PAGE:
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Lady MacBeth

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Introduction

From the ways she acts and speaks, what can be said about the changing character of Lady Macbeth? Lady Macbeth's character is one of complexity, slowly, but continuously changing throughout the play. What begins as a struggle for power and a longing to shred her femininity turns Lady Macbeth into what she fears the most becoming a guilt ridden weakling tormented by regret and remorse. Introduction of Lady Macbeth (Act 1, Scene 5): Lady Macbeth is one of Shakespeare's most famous and frightening female characters and we are introduced to her in Act 1.scene 5. She has not yet been described by any other character and it is therefore very important that in this next scene she is established immediately, so the audience is in no doubt of what she is like. Shakespeare very cleverly uses a soliloquy (where a character speaks her mind a oud for everyone to hear) to define her character, this way the audience sees her personality and her true thoughts. When Lady Macbeth is reading out aloud Macbeth's letter, we realize that maybe they are both equal to each other and therefore a picture of a very powerful, ambitious and head-steady woman is drawn. We can see this in Paragraph one, line nine to ten: "...my dearest partner of greatness..." If Lady Macbeth had of said this of herself, the audience may not have believed her because she could have wanted to be this to Macbeth, but because its Macbeth's words declaring this written to his wife, the audience is left to think that it must be true. This is a dramatic technique called 'character report'. This gives us another clue if this couple is equal or not. I believed that at this moment the audience is led to believe that they were very much equal to one another. In Lady Macbeth's soliloquy we are told through her words and language that she is a very ambitious woman also. ...read more.

Middle

We can see this because she asks and replies in very short sentences, which are a sign of her anger and anxiety. "Macbeth: "Hath he asked for me?" Lady Macbeth: "Know you not he has?" These quotes show the anger of Lady Macbeth and also Macbeth's fear of her. Lady Macbeth's next speech is full of insults and rhetorical questions, five to be exact. These questions help her to persuade Macbeth along with her insults and her emotional blackmail: "From this time such I account thy love...", she is saying that from now on she knows what his love is worth, because if he loved her, he would do what she asked. As Lady Macbeth digs further into Macbeth's dignity and pride, he suddenly fights back, claiming his rights in the relationship, stating that he is the man that she repeatedly calls a coward and a weakling. But knowing Lady Macbeth for the intelligent woman she is, she hits Macbeth back with a reverse psychology, twisting the truth, building his ego up instead of down as before: "...you would be so much more than a man." To touch that final brink of hope that Macbeth held onto so dearly, Lady Macbeth tortures his thoughts, comparing herself to him: " I have given suck, and know how tender 'tis to love the babe that milks me- I would , while it was smiling in my face, have plucked my nipple from his boneless gums, and dashed his brains out, had I sworn as you have done." This shocking imagery is so powerful that Macbeth gives in and shows his first signs of weakness and under total control of his wife. After breaking him down, Lady Macbeth recites her detailed plan. In this speech she refers to words of alchemy; "...limbec..."; this could be another clue to her close relationship with the witches, if she ever had one and her so called ambition to be more than any other woman. ...read more.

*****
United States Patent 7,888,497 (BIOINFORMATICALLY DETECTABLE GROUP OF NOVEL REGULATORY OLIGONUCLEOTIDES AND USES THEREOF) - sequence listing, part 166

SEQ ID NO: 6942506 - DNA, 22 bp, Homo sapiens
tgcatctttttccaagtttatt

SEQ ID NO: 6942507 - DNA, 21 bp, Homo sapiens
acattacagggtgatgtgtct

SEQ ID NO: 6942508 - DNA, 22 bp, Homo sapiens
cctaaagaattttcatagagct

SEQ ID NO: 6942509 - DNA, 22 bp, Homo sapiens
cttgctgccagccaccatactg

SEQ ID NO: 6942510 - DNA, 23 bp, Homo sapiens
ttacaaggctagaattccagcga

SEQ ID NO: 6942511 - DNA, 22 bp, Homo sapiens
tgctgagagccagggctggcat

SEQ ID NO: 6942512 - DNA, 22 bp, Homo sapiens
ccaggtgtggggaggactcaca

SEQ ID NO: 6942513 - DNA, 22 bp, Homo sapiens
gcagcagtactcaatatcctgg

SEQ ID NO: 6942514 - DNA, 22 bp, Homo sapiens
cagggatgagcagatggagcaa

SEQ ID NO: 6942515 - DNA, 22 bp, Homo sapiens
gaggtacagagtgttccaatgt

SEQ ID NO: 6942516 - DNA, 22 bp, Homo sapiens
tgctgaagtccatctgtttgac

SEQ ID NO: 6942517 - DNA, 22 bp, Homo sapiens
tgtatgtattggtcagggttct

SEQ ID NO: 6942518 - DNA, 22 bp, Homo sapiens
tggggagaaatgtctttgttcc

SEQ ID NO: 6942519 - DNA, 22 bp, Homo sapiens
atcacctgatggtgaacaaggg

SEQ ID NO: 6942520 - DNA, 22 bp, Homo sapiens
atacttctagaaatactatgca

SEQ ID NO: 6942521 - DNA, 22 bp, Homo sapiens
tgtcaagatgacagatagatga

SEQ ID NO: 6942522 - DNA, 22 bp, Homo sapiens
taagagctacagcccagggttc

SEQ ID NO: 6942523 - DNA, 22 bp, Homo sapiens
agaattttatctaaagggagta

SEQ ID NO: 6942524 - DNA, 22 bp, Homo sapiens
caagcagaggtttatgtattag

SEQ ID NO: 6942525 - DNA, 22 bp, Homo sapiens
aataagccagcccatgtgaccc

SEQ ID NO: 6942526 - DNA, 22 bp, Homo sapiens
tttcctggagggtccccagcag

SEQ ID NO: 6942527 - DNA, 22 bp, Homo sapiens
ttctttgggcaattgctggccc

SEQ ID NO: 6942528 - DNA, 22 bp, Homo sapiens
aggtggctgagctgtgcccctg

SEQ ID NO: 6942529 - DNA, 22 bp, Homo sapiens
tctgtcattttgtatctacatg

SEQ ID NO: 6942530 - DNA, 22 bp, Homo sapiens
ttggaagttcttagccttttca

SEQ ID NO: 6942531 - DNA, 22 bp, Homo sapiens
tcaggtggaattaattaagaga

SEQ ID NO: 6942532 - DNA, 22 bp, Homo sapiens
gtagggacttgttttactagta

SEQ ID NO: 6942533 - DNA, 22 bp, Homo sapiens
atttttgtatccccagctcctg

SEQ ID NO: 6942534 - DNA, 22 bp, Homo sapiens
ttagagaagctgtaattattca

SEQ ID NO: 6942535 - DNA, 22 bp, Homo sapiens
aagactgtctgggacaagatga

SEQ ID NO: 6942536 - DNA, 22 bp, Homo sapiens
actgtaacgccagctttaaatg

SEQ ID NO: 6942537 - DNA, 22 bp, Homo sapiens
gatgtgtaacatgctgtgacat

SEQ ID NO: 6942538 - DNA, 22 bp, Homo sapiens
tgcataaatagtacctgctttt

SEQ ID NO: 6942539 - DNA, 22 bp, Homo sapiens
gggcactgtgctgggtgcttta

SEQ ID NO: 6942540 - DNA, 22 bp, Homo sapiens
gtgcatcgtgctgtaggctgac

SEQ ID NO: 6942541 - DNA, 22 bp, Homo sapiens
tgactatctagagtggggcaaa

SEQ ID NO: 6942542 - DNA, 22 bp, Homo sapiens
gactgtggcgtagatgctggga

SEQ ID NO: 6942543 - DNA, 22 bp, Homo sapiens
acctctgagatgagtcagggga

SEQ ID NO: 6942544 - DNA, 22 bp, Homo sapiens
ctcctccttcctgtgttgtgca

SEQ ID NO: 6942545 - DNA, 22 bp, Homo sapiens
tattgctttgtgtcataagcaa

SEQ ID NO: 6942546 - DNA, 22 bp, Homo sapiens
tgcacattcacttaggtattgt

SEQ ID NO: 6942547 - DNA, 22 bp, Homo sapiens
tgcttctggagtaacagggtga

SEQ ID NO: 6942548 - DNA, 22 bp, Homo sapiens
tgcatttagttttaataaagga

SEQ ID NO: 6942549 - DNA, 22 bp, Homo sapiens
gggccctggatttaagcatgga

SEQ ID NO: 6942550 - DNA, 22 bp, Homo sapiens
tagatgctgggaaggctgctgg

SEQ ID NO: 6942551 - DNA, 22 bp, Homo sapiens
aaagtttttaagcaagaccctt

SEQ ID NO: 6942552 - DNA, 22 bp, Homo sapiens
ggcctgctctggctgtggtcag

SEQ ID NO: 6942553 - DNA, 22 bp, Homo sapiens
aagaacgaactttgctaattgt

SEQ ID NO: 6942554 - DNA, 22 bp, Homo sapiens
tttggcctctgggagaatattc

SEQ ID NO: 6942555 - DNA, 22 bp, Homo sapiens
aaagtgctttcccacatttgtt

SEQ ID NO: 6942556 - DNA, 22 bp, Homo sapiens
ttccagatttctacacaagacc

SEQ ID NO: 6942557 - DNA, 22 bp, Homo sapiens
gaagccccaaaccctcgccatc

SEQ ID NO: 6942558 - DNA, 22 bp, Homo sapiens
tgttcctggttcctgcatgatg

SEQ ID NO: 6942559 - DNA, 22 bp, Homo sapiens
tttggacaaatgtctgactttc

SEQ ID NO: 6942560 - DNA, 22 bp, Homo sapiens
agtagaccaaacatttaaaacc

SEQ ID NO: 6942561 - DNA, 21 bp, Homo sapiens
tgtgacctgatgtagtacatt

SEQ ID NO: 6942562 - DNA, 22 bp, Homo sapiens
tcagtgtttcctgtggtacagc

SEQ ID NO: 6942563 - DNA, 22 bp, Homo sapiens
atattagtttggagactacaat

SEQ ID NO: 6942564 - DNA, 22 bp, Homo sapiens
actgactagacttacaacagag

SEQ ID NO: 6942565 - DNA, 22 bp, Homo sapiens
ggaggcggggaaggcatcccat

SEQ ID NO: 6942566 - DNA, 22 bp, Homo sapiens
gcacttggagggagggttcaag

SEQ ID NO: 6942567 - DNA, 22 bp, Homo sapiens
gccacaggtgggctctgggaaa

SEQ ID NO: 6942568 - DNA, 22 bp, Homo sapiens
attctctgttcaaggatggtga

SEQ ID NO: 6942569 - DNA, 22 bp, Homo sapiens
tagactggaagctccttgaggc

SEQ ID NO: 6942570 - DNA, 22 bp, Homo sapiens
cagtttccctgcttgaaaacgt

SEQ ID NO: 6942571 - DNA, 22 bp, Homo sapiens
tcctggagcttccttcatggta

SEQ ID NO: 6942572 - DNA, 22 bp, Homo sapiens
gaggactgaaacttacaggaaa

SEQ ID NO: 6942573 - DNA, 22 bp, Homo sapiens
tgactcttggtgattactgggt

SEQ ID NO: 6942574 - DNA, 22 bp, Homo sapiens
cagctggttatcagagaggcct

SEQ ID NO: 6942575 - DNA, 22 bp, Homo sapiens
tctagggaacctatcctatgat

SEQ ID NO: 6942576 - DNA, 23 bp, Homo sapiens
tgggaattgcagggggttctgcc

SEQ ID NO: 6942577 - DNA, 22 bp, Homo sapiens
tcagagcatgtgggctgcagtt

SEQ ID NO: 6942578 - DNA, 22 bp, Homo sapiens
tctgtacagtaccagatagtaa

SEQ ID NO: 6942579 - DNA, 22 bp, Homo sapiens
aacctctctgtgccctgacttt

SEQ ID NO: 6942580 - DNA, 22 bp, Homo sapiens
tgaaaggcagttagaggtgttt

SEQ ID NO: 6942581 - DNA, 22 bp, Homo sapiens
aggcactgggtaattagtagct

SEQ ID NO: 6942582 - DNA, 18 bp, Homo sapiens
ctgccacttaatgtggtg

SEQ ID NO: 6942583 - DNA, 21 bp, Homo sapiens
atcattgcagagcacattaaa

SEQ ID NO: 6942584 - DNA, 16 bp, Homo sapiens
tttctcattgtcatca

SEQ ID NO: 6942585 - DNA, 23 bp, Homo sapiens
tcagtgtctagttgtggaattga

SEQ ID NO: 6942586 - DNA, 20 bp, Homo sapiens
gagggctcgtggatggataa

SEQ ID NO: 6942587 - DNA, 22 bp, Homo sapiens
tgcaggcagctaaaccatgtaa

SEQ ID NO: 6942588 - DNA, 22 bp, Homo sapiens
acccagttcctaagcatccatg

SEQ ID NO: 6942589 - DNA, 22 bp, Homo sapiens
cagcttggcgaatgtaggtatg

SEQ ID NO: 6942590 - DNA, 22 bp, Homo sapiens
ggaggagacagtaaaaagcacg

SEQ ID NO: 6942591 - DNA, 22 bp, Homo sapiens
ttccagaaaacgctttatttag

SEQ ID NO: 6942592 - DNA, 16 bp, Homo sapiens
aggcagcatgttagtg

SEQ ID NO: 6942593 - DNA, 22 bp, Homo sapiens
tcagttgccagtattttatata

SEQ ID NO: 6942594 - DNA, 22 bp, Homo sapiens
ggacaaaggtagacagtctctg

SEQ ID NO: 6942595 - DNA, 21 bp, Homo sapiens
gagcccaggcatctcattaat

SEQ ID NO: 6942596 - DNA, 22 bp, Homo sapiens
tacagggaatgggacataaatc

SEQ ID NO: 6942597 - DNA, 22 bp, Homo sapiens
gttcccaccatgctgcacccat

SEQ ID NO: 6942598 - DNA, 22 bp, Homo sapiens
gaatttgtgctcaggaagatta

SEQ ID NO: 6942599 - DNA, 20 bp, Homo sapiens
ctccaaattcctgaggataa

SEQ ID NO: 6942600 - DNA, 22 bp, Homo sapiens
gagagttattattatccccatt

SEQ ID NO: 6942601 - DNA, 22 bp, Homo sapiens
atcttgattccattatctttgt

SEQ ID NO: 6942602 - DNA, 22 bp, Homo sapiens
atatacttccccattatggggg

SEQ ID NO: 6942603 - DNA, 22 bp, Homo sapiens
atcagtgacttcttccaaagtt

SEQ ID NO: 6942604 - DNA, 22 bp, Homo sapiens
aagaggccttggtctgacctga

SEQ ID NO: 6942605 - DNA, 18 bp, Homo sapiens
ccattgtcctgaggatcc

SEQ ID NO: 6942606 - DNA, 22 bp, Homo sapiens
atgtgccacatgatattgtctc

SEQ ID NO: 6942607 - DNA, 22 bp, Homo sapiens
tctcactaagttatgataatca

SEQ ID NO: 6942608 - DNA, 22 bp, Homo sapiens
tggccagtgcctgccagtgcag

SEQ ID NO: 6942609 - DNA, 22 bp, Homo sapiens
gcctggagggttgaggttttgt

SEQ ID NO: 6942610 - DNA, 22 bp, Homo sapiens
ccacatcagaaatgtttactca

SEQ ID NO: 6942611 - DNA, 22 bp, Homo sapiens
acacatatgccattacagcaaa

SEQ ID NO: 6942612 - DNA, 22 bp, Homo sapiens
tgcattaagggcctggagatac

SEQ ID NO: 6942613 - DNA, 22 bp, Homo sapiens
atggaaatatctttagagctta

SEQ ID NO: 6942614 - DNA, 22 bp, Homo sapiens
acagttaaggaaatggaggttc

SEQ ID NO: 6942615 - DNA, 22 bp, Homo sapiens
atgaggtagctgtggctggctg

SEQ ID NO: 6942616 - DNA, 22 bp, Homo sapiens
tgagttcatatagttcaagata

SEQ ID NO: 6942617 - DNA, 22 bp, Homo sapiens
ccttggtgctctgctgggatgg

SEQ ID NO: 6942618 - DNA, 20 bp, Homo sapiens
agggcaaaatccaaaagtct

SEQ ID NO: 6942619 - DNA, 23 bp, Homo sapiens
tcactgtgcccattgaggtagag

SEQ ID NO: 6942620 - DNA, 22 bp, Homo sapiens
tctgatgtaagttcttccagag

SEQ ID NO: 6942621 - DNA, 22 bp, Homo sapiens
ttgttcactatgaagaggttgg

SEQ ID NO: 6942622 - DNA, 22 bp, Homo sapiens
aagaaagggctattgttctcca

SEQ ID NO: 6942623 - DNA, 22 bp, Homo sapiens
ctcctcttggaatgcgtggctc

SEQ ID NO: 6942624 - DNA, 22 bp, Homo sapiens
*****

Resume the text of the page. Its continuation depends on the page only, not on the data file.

Conclusion

What Lady Macbeth and her husband wanted most in the world eventually strangled them with its power. They are two of Shakespeare's many victims of the "ambition plague", joining the ranks of Julius Ceasar in another play of Shakespeare; you could even say that Hitler, Bush and others also had this so called ambition plague. The real message here is not to place your ambitions over the rights and lives of other people; something people must have done quite a lot in Shakespeare's time. In today's society, Lady Macbeth would probably have been much happier. She would certainly feel less oppressed by her womanly attributes - she would have been able to seek as much power as she wanted without being hindered by her husband. Ambition ruining everything still is quite evident today, however. Countless numbers of people are ruined each day because of their own desires and wants. Lady Macbeth's role as a supporting wife at the start of the play exceeds the duties of a 'normal' wife. She is the Eve to Macbeth as he Adam to her and he is tempted, in this case to be king. Although Macbeth hints at the idea of taking the crown in his letter home, it is Lady Macbeth's ruthless determination to make him king that persuaded him to murder Duncan. Did she do this in the interests of Macbeth or was it to fulfill her own ambition? I would argue that it was to fulfill her own ambition because she decided straight away that murder was the best option to take without any regard to guilt, in this view I have no sympathy for Lady Macbeth because it is a sign of her inner evilness. But, when she displayed her guilt, I believe that she was truly sorry for what she has done. Overall, Lady Macbeth truly makes this play. Without her the play would decrease in interest and in tension. She is also someone that I think everyone has something in common with- the determination to want to reach a life goal. Name: Kaya-Moon, T.G: 316. ...read more.

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